Imagine that you were able to shut off your worrying mind for an entire day, and instead gave yourself the opportunity to experience your life directly, without thoughts distracting you, bullying you or scaring you? What if you were able to encounter people and situations in your day with openness and receptivity and trusted your ability to respond appropriately to challenges just as any natural life form is able to respond instinctively  to its surroundings? How do you imagine you might handle stress if you weren’t constantly judging your experiences as “good” or “bad”, but rather experienced the moment-to-moment fluctuations of life with flexible adaptability and ease? 

Because most of us are caught up in our thoughts and experience life conceptually, we miss out on the experiences that happen countless times a day that could lead to change. Just as therapy provides novel relational experiences that help to forge new pathways in the brain, so  New York City offers variety and diversity that we could benefit from if we could get out of our heads and into our lives (to paraphrase the title of Steven Hayes’ excellent book).  And we don’t have to go out of our way to find positive experiences, either. For example, just riding the subway everyday, I witness beauty and random acts of kindness that most riders are too lost in thought to notice. Our enjoyment of life is not about manipulating our externals, it’s about experiencing life as it’s happening and choosing not to argue. We are hardwired to notice what’s annoying, irritating and upsetting; it takes some practice to notice something to appreciate in every moment.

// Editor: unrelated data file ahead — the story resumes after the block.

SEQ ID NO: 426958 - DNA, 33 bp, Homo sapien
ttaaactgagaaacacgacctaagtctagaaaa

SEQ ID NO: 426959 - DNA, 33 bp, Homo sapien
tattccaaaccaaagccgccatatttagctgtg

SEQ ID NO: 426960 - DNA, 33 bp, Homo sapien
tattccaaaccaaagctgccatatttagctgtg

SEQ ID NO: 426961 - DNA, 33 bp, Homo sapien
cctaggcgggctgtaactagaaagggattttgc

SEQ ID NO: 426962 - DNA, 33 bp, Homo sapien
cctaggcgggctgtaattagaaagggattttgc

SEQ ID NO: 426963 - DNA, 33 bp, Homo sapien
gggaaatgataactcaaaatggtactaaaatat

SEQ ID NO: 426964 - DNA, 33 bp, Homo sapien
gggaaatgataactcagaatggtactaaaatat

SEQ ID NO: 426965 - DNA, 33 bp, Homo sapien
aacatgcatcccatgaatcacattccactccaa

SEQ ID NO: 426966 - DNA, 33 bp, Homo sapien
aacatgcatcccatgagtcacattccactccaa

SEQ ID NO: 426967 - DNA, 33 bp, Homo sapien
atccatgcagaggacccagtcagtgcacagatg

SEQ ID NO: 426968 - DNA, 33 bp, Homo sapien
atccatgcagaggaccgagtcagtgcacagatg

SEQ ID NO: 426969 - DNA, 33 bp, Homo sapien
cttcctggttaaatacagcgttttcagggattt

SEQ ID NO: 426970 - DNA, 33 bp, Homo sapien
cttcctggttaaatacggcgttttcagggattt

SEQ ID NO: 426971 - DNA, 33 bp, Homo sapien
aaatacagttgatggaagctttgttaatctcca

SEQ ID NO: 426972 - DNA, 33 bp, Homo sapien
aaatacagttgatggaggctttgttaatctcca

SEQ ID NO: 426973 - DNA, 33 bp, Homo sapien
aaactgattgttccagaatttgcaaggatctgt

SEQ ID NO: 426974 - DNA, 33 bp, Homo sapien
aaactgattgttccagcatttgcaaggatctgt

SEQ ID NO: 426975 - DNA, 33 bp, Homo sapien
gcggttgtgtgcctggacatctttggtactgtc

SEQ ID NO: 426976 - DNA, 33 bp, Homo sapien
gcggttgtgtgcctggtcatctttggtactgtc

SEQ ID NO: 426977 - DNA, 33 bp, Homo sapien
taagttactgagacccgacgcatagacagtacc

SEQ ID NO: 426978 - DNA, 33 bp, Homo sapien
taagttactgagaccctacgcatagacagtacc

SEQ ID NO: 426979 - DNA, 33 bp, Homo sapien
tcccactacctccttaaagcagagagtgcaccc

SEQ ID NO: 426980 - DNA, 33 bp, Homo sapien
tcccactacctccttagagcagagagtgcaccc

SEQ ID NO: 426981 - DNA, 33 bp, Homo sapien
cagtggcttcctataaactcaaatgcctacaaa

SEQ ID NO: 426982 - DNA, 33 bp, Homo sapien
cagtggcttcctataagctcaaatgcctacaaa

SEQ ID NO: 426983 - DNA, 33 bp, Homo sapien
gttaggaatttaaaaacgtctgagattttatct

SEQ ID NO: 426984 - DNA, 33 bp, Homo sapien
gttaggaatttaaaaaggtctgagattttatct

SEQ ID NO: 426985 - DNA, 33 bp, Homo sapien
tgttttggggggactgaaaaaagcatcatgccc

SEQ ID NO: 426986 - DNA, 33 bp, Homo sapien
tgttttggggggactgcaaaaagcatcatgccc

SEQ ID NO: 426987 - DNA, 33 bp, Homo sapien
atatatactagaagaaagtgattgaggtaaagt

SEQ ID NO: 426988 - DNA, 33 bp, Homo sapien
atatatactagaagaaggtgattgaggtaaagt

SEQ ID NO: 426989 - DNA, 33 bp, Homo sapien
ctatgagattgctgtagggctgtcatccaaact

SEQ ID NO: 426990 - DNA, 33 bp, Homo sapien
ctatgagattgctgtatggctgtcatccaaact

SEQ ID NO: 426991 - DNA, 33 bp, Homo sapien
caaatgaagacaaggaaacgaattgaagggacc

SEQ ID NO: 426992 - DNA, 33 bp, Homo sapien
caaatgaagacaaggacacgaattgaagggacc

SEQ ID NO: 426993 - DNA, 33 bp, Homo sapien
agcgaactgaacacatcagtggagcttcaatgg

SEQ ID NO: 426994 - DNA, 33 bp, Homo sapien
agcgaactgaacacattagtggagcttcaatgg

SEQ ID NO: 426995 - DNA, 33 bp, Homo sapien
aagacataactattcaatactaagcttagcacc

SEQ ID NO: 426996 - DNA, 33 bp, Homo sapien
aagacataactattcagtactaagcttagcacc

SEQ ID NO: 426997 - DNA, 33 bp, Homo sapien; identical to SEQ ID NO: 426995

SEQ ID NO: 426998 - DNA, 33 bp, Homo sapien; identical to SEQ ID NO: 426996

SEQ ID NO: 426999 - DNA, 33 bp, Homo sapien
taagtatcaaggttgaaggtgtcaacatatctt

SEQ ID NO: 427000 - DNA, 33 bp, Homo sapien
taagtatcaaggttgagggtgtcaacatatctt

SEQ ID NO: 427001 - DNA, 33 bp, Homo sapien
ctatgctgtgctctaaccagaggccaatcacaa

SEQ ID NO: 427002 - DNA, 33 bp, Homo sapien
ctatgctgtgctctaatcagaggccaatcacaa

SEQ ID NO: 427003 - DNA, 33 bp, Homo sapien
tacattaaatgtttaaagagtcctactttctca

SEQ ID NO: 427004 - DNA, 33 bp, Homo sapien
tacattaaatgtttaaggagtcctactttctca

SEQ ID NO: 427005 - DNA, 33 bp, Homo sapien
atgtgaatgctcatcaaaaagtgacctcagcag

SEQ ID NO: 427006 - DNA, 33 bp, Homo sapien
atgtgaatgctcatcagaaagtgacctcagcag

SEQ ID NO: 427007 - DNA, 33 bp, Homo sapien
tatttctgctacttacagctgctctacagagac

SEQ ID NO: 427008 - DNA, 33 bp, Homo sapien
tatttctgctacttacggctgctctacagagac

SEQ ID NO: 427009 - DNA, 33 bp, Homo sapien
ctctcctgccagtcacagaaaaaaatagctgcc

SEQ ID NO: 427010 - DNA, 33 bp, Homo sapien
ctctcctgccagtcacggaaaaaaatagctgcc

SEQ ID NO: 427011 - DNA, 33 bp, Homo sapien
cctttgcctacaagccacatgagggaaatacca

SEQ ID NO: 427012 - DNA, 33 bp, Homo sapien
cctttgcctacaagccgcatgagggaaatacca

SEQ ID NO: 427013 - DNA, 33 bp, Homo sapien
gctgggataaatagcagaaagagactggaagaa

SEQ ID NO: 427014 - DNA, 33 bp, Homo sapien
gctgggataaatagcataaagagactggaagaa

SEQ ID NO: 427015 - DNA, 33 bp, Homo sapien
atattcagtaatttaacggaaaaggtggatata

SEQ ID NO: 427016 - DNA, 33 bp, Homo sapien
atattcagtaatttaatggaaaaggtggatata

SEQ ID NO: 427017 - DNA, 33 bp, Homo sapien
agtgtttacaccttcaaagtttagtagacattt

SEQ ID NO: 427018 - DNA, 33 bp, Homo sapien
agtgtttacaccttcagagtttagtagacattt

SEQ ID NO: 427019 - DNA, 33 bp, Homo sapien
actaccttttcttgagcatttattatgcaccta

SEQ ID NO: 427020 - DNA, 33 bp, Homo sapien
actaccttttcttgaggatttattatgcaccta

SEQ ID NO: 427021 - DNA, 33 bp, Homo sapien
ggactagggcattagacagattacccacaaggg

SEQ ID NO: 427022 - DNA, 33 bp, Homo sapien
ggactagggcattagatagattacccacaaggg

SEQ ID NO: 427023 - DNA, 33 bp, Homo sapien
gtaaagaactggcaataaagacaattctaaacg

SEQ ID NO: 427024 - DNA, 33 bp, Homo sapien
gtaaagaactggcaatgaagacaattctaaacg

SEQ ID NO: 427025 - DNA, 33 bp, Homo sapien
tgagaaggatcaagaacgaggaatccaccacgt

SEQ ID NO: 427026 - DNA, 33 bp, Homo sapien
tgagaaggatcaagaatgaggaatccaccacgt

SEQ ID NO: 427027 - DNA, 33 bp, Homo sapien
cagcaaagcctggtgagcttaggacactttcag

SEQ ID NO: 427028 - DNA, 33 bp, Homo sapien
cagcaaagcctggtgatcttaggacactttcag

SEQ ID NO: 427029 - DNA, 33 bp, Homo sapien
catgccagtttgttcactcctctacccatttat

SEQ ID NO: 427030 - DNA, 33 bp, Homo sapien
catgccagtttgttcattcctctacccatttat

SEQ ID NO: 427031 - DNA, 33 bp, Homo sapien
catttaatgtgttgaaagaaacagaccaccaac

We humans have forgotten that we have powerful adaptive capacities beyond our cognitive abilities that we can tap into and rely upon to help us live in our modern world. The diversity and variety of life in New York City gives us New Yorkers a unique environment for ultimate growth, but we have to agree to engage with what New York has to offer in order to benefit.  To engage fully, we have to recognize that we are standing in our own way and be willing to shift our perspective, let go of old beliefs, trust in our own innate capacity to heal and grow, and open ourselves to forming and transforming through our experiences, rather than trying to force our experiences to fit into our preconceived notions of how things should be.